$S_4$ has a transitive action of degree $6$, with point-stabiliser given by $\langle (1,2),(3,4)\rangle$. This has no regular subgroup (because the stabiliser does not have a complement, which is easy to see, since the only subgroups of order $6$ in $S_4$ are $S_3$'s, and these all intersect the point-stabiliser non-trivially).
The index $2$ subgroup $A_4$ is also transitive, and so also does not have a regular subgroup. These are the two smallest examples of transitive groups with no regular subgroups.
I just did a computer check, and they also don't have regular subsets.
Here's a short human-checkable proof of this fact in the case of $A_4$:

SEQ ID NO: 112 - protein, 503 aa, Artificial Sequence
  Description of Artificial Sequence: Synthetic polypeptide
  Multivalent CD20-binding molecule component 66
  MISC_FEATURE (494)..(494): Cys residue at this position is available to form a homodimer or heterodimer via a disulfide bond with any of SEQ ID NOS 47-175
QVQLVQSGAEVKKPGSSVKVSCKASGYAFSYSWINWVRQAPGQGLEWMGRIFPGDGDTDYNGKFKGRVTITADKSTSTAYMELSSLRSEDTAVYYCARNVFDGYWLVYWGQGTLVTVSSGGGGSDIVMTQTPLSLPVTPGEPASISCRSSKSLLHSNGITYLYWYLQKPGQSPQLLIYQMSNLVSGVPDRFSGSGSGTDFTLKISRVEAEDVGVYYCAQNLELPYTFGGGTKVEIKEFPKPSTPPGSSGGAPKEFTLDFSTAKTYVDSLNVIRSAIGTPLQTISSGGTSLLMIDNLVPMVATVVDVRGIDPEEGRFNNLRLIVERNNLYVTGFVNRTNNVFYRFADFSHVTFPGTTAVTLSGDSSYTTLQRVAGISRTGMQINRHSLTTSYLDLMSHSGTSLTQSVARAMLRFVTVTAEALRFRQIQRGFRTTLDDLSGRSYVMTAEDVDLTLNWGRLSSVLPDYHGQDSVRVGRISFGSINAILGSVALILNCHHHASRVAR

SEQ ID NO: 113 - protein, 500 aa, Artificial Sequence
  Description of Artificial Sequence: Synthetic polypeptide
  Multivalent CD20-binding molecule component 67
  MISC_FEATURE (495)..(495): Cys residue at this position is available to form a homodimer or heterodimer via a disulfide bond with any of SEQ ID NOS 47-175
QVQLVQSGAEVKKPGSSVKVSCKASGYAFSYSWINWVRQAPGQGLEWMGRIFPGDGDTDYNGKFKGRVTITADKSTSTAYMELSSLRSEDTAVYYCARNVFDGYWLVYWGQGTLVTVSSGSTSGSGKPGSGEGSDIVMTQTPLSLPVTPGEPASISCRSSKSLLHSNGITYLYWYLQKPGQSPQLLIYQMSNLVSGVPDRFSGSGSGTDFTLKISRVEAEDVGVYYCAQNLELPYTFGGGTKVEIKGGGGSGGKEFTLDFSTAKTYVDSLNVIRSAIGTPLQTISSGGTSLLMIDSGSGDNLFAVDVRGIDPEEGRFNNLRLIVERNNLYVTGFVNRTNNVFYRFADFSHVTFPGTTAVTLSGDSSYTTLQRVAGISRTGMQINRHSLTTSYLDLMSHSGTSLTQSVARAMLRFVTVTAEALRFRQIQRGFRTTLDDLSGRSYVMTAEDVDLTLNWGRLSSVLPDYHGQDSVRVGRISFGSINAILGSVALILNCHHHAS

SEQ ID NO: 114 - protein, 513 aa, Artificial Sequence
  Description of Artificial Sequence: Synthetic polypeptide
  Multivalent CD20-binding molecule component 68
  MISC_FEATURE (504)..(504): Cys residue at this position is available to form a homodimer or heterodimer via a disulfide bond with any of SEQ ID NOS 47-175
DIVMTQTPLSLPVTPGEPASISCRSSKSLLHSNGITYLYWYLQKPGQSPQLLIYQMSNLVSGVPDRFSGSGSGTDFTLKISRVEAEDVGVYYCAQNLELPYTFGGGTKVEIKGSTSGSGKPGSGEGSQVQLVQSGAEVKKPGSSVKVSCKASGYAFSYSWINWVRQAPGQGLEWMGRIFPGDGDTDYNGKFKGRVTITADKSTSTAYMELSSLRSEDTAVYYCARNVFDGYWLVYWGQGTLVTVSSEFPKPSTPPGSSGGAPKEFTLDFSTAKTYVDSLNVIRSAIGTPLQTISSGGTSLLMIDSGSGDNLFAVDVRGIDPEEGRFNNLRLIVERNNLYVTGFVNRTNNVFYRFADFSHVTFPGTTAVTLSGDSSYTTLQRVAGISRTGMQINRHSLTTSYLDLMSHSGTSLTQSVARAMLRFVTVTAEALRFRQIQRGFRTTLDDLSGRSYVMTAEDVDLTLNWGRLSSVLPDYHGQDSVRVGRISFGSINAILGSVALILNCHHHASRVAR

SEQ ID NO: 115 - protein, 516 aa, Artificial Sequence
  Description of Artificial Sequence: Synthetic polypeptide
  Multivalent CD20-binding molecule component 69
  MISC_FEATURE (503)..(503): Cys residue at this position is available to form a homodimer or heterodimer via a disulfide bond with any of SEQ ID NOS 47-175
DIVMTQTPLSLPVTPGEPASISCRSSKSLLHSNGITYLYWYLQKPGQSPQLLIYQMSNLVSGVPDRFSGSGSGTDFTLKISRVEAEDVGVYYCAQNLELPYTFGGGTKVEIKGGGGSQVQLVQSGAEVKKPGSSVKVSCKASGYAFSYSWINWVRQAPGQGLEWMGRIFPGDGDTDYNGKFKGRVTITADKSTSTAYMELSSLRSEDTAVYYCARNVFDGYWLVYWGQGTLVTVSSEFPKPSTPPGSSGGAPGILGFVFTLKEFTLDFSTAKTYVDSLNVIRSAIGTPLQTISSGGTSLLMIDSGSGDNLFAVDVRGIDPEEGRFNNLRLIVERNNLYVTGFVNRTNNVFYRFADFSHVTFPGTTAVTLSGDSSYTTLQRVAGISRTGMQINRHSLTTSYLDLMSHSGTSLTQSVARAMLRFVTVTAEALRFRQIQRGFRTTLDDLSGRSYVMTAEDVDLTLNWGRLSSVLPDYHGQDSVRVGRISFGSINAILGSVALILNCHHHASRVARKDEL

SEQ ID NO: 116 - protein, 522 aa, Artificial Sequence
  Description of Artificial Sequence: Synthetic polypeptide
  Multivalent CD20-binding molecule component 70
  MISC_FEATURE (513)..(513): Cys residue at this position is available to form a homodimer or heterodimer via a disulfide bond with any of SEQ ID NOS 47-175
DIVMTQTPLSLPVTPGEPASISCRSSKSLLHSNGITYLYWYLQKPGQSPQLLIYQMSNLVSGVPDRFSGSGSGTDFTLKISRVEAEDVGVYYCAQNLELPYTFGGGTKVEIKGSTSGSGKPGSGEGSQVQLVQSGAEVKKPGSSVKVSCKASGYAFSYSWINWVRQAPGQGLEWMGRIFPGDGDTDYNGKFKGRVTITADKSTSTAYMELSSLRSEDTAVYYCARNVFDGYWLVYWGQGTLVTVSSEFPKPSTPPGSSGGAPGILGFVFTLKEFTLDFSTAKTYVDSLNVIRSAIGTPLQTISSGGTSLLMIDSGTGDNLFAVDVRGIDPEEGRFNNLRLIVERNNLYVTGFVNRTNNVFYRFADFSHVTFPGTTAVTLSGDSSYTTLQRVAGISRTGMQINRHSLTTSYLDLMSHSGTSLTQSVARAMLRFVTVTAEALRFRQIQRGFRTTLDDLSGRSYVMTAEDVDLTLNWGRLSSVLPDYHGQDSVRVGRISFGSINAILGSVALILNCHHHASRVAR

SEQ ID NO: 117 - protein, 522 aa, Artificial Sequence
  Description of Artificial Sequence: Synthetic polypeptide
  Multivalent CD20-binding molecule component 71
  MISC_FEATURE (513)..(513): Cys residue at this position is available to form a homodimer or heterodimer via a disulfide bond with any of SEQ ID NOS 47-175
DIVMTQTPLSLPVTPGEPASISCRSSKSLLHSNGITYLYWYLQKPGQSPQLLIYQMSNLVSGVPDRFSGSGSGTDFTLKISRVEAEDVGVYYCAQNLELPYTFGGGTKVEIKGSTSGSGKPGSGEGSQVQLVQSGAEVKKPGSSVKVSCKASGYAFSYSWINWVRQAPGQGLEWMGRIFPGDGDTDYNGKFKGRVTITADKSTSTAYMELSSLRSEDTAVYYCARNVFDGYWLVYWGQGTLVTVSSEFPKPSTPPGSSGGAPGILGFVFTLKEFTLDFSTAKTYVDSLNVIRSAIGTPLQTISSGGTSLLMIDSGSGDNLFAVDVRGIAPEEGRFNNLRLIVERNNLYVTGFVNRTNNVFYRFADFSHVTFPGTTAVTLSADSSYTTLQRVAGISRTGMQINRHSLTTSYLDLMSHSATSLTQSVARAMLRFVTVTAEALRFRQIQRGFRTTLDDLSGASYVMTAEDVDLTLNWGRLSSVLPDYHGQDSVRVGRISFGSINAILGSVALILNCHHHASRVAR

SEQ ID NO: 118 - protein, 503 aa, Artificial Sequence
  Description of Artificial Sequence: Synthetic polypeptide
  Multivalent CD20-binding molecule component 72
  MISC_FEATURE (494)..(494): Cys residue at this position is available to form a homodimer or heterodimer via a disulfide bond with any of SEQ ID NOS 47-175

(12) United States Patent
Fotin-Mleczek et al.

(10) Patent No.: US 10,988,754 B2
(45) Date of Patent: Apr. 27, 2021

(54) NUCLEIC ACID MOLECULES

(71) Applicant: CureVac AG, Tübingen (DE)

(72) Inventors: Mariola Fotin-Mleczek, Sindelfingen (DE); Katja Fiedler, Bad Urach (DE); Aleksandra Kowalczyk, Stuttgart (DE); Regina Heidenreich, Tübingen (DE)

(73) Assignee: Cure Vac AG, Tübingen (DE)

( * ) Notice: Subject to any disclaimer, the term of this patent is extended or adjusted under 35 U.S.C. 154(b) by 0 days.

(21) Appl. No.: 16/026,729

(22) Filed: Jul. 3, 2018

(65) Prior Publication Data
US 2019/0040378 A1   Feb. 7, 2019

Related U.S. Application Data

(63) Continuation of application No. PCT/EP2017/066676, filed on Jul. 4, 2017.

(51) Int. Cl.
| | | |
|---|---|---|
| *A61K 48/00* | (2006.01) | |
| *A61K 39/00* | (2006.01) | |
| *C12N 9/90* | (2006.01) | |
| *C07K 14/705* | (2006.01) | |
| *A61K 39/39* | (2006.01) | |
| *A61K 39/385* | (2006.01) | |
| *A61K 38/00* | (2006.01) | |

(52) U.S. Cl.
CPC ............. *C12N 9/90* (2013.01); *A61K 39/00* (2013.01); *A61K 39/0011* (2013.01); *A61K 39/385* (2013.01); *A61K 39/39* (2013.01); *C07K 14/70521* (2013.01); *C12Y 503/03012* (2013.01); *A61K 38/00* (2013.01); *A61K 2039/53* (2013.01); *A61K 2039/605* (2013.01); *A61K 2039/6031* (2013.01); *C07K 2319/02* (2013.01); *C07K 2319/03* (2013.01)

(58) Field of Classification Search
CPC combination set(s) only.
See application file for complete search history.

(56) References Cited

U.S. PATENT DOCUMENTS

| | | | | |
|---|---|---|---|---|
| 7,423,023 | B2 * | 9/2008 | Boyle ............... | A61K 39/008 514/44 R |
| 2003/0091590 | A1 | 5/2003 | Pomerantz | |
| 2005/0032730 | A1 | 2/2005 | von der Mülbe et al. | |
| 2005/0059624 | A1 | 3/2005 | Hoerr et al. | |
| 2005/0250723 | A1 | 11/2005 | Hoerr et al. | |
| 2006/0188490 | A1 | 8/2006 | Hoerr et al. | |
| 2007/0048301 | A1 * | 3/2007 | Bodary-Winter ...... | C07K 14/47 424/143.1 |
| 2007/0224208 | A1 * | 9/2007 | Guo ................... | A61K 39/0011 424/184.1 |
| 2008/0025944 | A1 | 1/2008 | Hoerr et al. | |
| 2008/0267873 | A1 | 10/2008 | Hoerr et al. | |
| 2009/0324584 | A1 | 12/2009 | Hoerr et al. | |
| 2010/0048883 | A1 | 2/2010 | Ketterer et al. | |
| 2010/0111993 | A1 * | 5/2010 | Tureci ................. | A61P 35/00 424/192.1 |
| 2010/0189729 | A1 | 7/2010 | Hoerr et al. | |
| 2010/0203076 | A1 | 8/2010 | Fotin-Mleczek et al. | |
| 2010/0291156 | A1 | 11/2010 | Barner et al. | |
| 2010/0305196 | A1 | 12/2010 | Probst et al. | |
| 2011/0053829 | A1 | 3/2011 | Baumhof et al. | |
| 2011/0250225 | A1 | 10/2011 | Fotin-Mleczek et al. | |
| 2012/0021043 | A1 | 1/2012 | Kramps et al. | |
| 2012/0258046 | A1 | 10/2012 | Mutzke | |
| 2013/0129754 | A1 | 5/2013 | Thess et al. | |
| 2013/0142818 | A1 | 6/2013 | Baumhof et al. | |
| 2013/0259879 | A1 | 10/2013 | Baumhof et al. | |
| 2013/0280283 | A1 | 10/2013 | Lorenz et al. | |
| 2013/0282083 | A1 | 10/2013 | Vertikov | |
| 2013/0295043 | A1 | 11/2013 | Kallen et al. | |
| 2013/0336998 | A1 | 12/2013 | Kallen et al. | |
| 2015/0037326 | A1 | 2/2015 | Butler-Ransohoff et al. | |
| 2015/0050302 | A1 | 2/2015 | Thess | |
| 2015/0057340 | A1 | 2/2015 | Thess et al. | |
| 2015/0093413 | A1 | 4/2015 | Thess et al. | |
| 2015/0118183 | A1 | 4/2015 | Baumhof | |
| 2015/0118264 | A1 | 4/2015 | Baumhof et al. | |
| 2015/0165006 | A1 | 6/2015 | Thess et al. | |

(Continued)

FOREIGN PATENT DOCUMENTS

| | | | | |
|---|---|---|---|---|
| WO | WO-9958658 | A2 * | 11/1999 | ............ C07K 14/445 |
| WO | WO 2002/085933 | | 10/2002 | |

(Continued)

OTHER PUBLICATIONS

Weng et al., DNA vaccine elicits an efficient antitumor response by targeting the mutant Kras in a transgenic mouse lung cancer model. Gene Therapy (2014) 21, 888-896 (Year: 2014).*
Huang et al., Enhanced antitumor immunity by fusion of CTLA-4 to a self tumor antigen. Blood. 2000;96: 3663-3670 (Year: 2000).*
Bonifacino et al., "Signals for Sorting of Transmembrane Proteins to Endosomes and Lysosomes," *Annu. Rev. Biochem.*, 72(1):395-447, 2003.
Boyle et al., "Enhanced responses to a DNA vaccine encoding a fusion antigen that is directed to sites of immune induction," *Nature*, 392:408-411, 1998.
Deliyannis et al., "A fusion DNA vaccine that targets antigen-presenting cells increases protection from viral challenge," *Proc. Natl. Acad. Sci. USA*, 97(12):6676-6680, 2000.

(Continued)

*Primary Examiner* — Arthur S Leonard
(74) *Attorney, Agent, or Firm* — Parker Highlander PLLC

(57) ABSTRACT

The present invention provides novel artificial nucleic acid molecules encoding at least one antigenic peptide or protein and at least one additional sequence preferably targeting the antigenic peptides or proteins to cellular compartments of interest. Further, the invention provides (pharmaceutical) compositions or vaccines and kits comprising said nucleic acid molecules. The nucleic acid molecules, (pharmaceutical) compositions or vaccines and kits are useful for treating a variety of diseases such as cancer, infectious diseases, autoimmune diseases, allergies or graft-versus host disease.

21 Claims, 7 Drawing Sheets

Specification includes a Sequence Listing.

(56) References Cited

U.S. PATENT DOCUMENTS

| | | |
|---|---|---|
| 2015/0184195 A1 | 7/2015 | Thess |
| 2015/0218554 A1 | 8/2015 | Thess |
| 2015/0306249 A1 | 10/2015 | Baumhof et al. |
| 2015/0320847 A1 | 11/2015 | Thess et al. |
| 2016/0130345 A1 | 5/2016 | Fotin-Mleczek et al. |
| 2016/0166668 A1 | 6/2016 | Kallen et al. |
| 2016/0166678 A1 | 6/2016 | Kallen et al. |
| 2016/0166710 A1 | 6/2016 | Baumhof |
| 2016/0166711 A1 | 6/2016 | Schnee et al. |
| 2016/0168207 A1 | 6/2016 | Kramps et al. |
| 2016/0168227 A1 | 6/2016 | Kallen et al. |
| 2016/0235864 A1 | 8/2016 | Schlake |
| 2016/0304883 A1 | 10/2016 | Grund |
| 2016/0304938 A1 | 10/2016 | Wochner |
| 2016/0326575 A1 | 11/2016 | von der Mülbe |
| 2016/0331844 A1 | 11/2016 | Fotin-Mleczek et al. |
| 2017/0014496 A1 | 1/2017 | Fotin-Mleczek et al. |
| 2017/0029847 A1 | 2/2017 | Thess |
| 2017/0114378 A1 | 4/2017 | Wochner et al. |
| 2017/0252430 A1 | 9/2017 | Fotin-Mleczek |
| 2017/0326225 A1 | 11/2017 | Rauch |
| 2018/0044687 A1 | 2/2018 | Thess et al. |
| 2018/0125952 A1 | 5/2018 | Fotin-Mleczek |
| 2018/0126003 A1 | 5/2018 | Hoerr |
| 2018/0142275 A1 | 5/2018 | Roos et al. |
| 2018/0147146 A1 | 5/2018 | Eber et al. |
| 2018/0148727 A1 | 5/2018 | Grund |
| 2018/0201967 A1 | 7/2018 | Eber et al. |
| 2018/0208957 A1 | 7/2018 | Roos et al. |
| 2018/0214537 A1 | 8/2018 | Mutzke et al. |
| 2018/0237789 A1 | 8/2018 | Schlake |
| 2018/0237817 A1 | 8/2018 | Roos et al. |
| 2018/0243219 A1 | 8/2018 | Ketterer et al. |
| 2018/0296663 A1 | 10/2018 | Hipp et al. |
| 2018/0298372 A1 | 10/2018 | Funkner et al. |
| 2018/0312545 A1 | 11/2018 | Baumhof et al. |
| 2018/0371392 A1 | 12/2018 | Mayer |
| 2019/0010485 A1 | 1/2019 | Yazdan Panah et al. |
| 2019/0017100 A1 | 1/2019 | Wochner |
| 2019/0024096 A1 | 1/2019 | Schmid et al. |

This action of $A_4$ on $6$ points is imprimitive, with three blocks of size $2$. The double transpositions preserve the blocks, fixing one point-wise and swapping the elements in the other two, the elements of order three permute the blocks.
We are looking for a regular subset $X$, which must have size $6$.
The eight $3$-cycles have only four distinct images for a particular point (since they always map a point outside its block), so there can't be more than four $3$-cycles in $X$.
This means that $X$ contains at least two non-$3$-cycles, but all these have images in common (the double transposition fix some points, so agree with the identity on those, and each pair of double transposition has a block in common which they swap), contradiction.